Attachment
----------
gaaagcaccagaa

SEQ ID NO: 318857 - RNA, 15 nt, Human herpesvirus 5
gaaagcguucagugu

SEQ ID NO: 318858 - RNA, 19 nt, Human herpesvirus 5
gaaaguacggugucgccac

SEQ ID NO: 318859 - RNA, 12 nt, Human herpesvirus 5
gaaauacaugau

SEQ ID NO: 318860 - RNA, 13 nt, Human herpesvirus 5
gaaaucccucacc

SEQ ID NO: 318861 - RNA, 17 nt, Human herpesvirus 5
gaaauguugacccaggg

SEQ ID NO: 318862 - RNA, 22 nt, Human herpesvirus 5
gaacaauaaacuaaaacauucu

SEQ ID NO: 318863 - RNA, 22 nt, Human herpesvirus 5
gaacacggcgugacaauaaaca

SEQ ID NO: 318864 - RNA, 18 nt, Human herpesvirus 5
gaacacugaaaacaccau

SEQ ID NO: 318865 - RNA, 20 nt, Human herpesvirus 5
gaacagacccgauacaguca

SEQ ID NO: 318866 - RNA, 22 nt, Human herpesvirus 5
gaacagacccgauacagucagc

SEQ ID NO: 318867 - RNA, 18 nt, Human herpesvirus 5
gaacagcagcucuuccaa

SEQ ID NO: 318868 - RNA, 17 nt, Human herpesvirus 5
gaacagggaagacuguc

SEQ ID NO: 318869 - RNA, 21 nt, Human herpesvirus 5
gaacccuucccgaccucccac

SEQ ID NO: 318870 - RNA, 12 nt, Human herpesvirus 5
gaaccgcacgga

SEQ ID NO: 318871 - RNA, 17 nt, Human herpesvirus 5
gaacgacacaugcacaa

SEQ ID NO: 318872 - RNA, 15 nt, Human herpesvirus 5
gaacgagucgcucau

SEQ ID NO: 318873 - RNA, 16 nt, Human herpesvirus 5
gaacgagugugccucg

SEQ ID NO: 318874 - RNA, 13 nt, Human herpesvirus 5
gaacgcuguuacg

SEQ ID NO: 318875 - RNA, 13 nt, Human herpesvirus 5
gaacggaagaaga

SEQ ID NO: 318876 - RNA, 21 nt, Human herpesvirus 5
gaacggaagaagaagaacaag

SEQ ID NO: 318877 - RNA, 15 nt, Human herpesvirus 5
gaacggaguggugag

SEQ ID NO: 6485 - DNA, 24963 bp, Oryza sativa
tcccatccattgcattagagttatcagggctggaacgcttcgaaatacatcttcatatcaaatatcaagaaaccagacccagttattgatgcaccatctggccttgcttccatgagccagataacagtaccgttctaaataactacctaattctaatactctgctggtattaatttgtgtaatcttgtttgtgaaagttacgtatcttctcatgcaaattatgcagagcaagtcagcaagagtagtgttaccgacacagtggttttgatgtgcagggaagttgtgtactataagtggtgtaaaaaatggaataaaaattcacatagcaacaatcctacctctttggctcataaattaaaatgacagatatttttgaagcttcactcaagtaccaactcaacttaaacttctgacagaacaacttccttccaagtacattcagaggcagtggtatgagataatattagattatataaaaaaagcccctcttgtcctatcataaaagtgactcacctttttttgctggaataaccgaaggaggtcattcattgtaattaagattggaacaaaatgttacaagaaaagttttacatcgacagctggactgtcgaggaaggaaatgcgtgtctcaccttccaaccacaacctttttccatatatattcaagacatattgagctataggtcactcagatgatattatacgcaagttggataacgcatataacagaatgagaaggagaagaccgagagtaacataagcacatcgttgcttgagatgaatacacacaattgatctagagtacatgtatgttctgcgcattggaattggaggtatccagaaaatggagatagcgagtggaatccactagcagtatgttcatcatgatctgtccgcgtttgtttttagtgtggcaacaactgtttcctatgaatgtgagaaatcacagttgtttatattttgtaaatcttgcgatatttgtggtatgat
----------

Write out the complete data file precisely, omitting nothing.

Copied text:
gaaagcaccagaa

SEQ ID NO: 318857 - RNA, 15 nt, Human herpesvirus 5
gaaagcguucagugu

SEQ ID NO: 318858 - RNA, 19 nt, Human herpesvirus 5
gaaaguacggugucgccac

SEQ ID NO: 318859 - RNA, 12 nt, Human herpesvirus 5
gaaauacaugau

SEQ ID NO: 318860 - RNA, 13 nt, Human herpesvirus 5
gaaaucccucacc

SEQ ID NO: 318861 - RNA, 17 nt, Human herpesvirus 5
gaaauguugacccaggg

SEQ ID NO: 318862 - RNA, 22 nt, Human herpesvirus 5
gaacaauaaacuaaaacauucu

SEQ ID NO: 318863 - RNA, 22 nt, Human herpesvirus 5
gaacacggcgugacaauaaaca

SEQ ID NO: 318864 - RNA, 18 nt, Human herpesvirus 5
gaacacugaaaacaccau

SEQ ID NO: 318865 - RNA, 20 nt, Human herpesvirus 5
gaacagacccgauacaguca

SEQ ID NO: 318866 - RNA, 22 nt, Human herpesvirus 5
gaacagacccgauacagucagc

SEQ ID NO: 318867 - RNA, 18 nt, Human herpesvirus 5
gaacagcagcucuuccaa

SEQ ID NO: 318868 - RNA, 17 nt, Human herpesvirus 5
gaacagggaagacuguc

SEQ ID NO: 318869 - RNA, 21 nt, Human herpesvirus 5
gaacccuucccgaccucccac

SEQ ID NO: 318870 - RNA, 12 nt, Human herpesvirus 5
gaaccgcacgga

SEQ ID NO: 318871 - RNA, 17 nt, Human herpesvirus 5
gaacgacacaugcacaa

SEQ ID NO: 318872 - RNA, 15 nt, Human herpesvirus 5
gaacgagucgcucau

SEQ ID NO: 318873 - RNA, 16 nt, Human herpesvirus 5
gaacgagugugccucg

SEQ ID NO: 318874 - RNA, 13 nt, Human herpesvirus 5
gaacgcuguuacg

SEQ ID NO: 318875 - RNA, 13 nt, Human herpesvirus 5
gaacggaagaaga

SEQ ID NO: 318876 - RNA, 21 nt, Human herpesvirus 5
gaacggaagaagaagaacaag

SEQ ID NO: 318877 - RNA, 15 nt, Human herpesvirus 5
gaacggaguggugag

SEQ ID NO: 6485 - DNA, 24963 bp, Oryza sativa
tcccatccattgcattagagttatcagggctggaacgcttcgaaatacatcttcatatcaaatatcaagaaaccagacccagttattgatgcaccatctggccttgcttccatgagccagataacagtaccgttctaaataactacctaattctaatactctgctggtattaatttgtgtaatcttgtttgtgaaagttacgtatcttctcatgcaaattatgcagagcaagtcagcaagagtagtgttaccgacacagtggttttgatgtgcagggaagttgtgtactataagtggtgtaaaaaatggaataaaaattcacatagcaacaatcctacctctttggctcataaattaaaatgacagatatttttgaagcttcactcaagtaccaactcaacttaaacttctgacagaacaacttccttccaagtacattcagaggcagtggtatgagataatattagattatataaaaaaagcccctcttgtcctatcataaaagtgactcacctttttttgctggaataaccgaaggaggtcattcattgtaattaagattggaacaaaatgttacaagaaaagttttacatcgacagctggactgtcgaggaaggaaatgcgtgtctcaccttccaaccacaacctttttccatatatattcaagacatattgagctataggtcactcagatgatattatacgcaagttggataacgcatataacagaatgagaaggagaagaccgagagtaacataagcacatcgttgcttgagatgaatacacacaattgatctagagtacatgtatgttctgcgcattggaattggaggtatccagaaaatggagatagcgagtggaatccactagcagtatgttcatcatgatctgtccgcgtttgtttttagtgtggcaacaactgtttcctatgaatgtgagaaatcacagttgtttatattttgtaaatcttgcgatatttgtggtatgat